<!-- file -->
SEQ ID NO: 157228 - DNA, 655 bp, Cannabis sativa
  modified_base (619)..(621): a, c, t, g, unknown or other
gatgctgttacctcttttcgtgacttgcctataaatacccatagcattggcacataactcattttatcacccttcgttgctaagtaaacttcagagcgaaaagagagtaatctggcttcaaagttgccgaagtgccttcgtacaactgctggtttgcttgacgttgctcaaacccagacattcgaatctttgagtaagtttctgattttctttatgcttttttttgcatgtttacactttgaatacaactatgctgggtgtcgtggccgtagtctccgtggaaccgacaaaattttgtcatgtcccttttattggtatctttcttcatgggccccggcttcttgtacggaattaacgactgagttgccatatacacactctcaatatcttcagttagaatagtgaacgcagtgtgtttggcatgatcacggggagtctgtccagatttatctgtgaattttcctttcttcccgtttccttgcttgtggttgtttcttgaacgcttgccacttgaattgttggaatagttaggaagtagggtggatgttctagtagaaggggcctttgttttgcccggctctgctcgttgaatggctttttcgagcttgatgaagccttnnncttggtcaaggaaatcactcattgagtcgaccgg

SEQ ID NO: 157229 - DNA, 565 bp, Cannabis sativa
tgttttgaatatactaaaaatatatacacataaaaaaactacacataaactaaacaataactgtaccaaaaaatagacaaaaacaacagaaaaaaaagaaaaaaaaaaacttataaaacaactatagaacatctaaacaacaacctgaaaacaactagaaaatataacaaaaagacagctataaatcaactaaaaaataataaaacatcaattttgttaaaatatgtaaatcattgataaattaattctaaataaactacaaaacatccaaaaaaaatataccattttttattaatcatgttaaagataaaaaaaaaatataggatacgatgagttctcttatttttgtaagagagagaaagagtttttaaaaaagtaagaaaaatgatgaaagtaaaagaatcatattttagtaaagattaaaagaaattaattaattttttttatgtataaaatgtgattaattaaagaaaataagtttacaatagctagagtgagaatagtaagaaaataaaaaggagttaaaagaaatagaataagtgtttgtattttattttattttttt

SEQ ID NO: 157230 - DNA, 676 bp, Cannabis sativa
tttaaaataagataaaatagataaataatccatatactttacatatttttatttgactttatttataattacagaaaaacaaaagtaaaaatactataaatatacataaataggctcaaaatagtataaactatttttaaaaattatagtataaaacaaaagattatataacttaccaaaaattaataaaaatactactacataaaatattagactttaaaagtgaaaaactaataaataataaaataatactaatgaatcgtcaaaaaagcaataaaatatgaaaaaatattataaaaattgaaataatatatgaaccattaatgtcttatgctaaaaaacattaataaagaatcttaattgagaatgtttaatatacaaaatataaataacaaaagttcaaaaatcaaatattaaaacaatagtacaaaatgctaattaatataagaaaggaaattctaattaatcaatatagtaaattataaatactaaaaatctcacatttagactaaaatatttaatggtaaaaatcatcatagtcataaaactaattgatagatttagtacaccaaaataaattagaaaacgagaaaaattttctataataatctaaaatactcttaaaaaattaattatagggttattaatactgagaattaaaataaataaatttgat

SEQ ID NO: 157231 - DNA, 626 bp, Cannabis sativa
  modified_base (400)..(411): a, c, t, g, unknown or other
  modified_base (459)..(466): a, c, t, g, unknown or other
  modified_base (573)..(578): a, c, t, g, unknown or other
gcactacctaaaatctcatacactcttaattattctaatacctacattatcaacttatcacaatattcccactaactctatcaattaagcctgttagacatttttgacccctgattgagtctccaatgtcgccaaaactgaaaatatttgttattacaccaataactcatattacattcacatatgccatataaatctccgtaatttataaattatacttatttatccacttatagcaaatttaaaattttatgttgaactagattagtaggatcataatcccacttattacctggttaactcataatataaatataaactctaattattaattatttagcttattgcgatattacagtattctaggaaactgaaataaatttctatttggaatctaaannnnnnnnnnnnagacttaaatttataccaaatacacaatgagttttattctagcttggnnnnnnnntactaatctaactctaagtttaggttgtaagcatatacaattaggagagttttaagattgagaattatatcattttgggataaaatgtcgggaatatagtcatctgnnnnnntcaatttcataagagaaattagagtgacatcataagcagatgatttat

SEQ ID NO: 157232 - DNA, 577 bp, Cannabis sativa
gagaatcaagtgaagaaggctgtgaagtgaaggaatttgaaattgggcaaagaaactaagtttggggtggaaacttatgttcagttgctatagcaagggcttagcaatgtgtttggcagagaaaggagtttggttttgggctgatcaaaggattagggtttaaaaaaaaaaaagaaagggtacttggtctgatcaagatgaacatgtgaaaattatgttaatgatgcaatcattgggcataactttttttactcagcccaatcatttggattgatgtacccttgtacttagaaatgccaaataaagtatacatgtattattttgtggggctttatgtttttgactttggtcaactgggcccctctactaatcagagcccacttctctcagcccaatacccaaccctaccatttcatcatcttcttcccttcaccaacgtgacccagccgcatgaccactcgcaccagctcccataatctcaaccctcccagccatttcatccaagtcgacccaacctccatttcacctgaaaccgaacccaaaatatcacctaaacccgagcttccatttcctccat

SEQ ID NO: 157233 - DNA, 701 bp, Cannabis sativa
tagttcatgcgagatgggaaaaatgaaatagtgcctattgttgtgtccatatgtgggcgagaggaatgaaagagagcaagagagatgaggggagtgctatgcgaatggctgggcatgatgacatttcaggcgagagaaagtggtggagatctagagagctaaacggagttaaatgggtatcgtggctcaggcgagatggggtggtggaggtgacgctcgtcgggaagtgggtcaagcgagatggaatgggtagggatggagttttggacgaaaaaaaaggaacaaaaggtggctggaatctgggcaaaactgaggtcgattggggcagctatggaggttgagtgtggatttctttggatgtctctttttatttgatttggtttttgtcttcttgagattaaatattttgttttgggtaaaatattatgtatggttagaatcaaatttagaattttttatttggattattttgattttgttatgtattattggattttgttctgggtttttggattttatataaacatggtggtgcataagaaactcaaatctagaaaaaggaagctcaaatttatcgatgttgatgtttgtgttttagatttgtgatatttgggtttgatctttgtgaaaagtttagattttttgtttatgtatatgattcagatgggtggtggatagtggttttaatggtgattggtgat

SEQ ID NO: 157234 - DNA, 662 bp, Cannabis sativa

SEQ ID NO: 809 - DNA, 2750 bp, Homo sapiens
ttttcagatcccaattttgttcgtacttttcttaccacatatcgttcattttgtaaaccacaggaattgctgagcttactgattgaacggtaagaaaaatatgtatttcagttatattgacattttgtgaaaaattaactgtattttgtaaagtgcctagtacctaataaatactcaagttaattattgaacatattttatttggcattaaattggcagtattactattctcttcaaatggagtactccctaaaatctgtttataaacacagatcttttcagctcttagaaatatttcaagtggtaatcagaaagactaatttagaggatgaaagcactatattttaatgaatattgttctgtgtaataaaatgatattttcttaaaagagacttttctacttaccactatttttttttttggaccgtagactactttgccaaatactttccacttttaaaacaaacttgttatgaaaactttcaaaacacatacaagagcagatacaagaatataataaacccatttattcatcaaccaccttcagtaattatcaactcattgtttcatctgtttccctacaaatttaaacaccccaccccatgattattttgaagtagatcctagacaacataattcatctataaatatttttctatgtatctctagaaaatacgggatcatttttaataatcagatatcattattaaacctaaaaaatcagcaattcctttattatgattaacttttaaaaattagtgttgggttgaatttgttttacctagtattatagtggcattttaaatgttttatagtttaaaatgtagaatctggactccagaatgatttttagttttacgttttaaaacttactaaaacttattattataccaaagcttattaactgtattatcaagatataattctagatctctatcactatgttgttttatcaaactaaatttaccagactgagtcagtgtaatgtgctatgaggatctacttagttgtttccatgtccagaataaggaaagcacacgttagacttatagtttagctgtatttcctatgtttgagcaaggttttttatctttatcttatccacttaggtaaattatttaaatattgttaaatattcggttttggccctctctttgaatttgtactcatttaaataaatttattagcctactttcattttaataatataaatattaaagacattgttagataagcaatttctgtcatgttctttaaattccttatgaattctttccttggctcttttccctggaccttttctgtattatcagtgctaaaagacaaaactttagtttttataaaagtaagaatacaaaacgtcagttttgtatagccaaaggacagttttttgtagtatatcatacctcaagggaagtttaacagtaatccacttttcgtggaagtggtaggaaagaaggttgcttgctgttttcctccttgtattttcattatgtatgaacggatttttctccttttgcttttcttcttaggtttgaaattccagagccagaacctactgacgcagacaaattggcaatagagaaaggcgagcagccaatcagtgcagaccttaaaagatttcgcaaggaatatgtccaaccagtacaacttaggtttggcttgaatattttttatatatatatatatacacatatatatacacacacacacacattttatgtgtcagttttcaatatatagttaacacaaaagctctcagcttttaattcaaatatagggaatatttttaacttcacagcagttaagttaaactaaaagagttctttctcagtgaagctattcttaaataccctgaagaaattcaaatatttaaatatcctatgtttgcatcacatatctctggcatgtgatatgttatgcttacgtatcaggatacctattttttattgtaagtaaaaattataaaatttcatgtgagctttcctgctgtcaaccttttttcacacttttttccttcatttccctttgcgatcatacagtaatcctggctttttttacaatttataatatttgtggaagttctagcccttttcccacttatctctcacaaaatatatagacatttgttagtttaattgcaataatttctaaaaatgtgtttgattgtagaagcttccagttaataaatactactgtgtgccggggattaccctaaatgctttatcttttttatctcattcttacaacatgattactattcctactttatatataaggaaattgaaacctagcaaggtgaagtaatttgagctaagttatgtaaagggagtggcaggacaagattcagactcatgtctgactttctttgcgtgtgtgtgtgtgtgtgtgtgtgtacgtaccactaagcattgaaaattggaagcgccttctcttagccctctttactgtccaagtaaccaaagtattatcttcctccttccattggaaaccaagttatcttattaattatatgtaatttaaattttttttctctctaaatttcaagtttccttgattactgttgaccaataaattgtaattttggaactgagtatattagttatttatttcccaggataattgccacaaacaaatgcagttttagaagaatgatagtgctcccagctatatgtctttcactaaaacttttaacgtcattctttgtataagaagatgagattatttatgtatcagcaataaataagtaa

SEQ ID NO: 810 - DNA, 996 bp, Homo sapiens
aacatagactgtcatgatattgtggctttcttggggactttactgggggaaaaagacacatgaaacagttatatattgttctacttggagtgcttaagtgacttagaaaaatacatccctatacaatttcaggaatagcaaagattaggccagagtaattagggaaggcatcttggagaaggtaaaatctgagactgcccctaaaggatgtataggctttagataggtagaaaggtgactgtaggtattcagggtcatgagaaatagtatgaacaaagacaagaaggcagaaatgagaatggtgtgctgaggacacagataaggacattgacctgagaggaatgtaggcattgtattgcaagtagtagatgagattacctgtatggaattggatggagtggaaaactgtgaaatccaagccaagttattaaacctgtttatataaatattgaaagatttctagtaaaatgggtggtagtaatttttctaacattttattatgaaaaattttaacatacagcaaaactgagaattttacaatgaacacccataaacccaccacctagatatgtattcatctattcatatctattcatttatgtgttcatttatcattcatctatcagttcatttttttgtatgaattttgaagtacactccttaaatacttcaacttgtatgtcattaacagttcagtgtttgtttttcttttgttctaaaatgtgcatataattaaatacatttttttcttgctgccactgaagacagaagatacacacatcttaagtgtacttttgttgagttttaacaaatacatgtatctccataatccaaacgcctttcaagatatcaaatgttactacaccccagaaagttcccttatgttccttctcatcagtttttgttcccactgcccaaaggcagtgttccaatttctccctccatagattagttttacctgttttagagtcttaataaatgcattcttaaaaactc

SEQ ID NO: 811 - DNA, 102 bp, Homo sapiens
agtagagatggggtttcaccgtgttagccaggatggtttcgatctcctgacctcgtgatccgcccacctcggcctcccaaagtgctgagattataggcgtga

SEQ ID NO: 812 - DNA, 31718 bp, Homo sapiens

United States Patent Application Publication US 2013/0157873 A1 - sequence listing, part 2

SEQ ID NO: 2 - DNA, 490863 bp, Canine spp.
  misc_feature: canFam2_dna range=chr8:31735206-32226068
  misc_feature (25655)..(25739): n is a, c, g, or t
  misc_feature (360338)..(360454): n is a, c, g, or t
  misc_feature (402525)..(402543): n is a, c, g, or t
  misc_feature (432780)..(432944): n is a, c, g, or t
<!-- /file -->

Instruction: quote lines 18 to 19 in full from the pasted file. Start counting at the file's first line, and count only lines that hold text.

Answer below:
SEQ ID NO: 809 - DNA, 2750 bp, Homo sapiens
ttttcagatcccaattttgttcgtacttttcttaccacatatcgttcattttgtaaaccacaggaattgctgagcttactgattgaacggtaagaaaaatatgtatttcagttatattgacattttgtgaaaaattaactgtattttgtaaagtgcctagtacctaataaatactcaagttaattattgaacatattttatttggcattaaattggcagtattactattctcttcaaatggagtactccctaaaatctgtttataaacacagatcttttcagctcttagaaatatttcaagtggtaatcagaaagactaatttagaggatgaaagcactatattttaatgaatattgttctgtgtaataaaatgatattttcttaaaagagacttttctacttaccactatttttttttttggaccgtagactactttgccaaatactttccacttttaaaacaaacttgttatgaaaactttcaaaacacatacaagagcagatacaagaatataataaacccatttattcatcaaccaccttcagtaattatcaactcattgtttcatctgtttccctacaaatttaaacaccccaccccatgattattttgaagtagatcctagacaacataattcatctataaatatttttctatgtatctctagaaaatacgggatcatttttaataatcagatatcattattaaacctaaaaaatcagcaattcctttattatgattaacttttaaaaattagtgttgggttgaatttgttttacctagtattatagtggcattttaaatgttttatagtttaaaatgtagaatctggactccagaatgatttttagttttacgttttaaaacttactaaaacttattattataccaaagcttattaactgtattatcaagatataattctagatctctatcactatgttgttttatcaaactaaatttaccagactgagtcagtgtaatgtgctatgaggatctacttagttgtttccatgtccagaataaggaaagcacacgttagacttatagtttagctgtatttcctatgtttgagcaaggttttttatctttatcttatccacttaggtaaattatttaaatattgttaaatattcggttttggccctctctttgaatttgtactcatttaaataaatttattagcctactttcattttaataatataaatattaaagacattgttagataagcaatttctgtcatgttctttaaattccttatgaattctttccttggctcttttccctggaccttttctgtattatcagtgctaaaagacaaaactttagtttttataaaagtaagaatacaaaacgtcagttttgtatagccaaaggacagttttttgtagtatatcatacctcaagggaagtttaacagtaatccacttttcgtggaagtggtaggaaagaaggttgcttgctgttttcctccttgtattttcattatgtatgaacggatttttctccttttgcttttcttcttaggtttgaaattccagagccagaacctactgacgcagacaaattggcaatagagaaaggcgagcagccaatcagtgcagaccttaaaagatttcgcaaggaatatgtccaaccagtacaacttaggtttggcttgaatattttttatatatatatatatacacatatatatacacacacacacacattttatgtgtcagttttcaatatatagttaacacaaaagctctcagcttttaattcaaatatagggaatatttttaacttcacagcagttaagttaaactaaaagagttctttctcagtgaagctattcttaaataccctgaagaaattcaaatatttaaatatcctatgtttgcatcacatatctctggcatgtgatatgttatgcttacgtatcaggatacctattttttattgtaagtaaaaattataaaatttcatgtgagctttcctgctgtcaaccttttttcacacttttttccttcatttccctttgcgatcatacagtaatcctggctttttttacaatttataatatttgtggaagttctagcccttttcccacttatctctcacaaaatatatagacatttgttagtttaattgcaataatttctaaaaatgtgtttgattgtagaagcttccagttaataaatactactgtgtgccggggattaccctaaatgctttatcttttttatctcattcttacaacatgattactattcctactttatatataaggaaattgaaacctagcaaggtgaagtaatttgagctaagttatgtaaagggagtggcaggacaagattcagactcatgtctgactttctttgcgtgtgtgtgtgtgtgtgtgtgtgtacgtaccactaagcattgaaaattggaagcgccttctcttagccctctttactgtccaagtaaccaaagtattatcttcctccttccattggaaaccaagttatcttattaattatatgtaatttaaattttttttctctctaaatttcaagtttccttgattactgttgaccaataaattgtaattttggaactgagtatattagttatttatttcccaggataattgccacaaacaaatgcagttttagaagaatgatagtgctcccagctatatgtctttcactaaaacttttaacgtcattctttgtataagaagatgagattatttatgtatcagcaataaataagtaa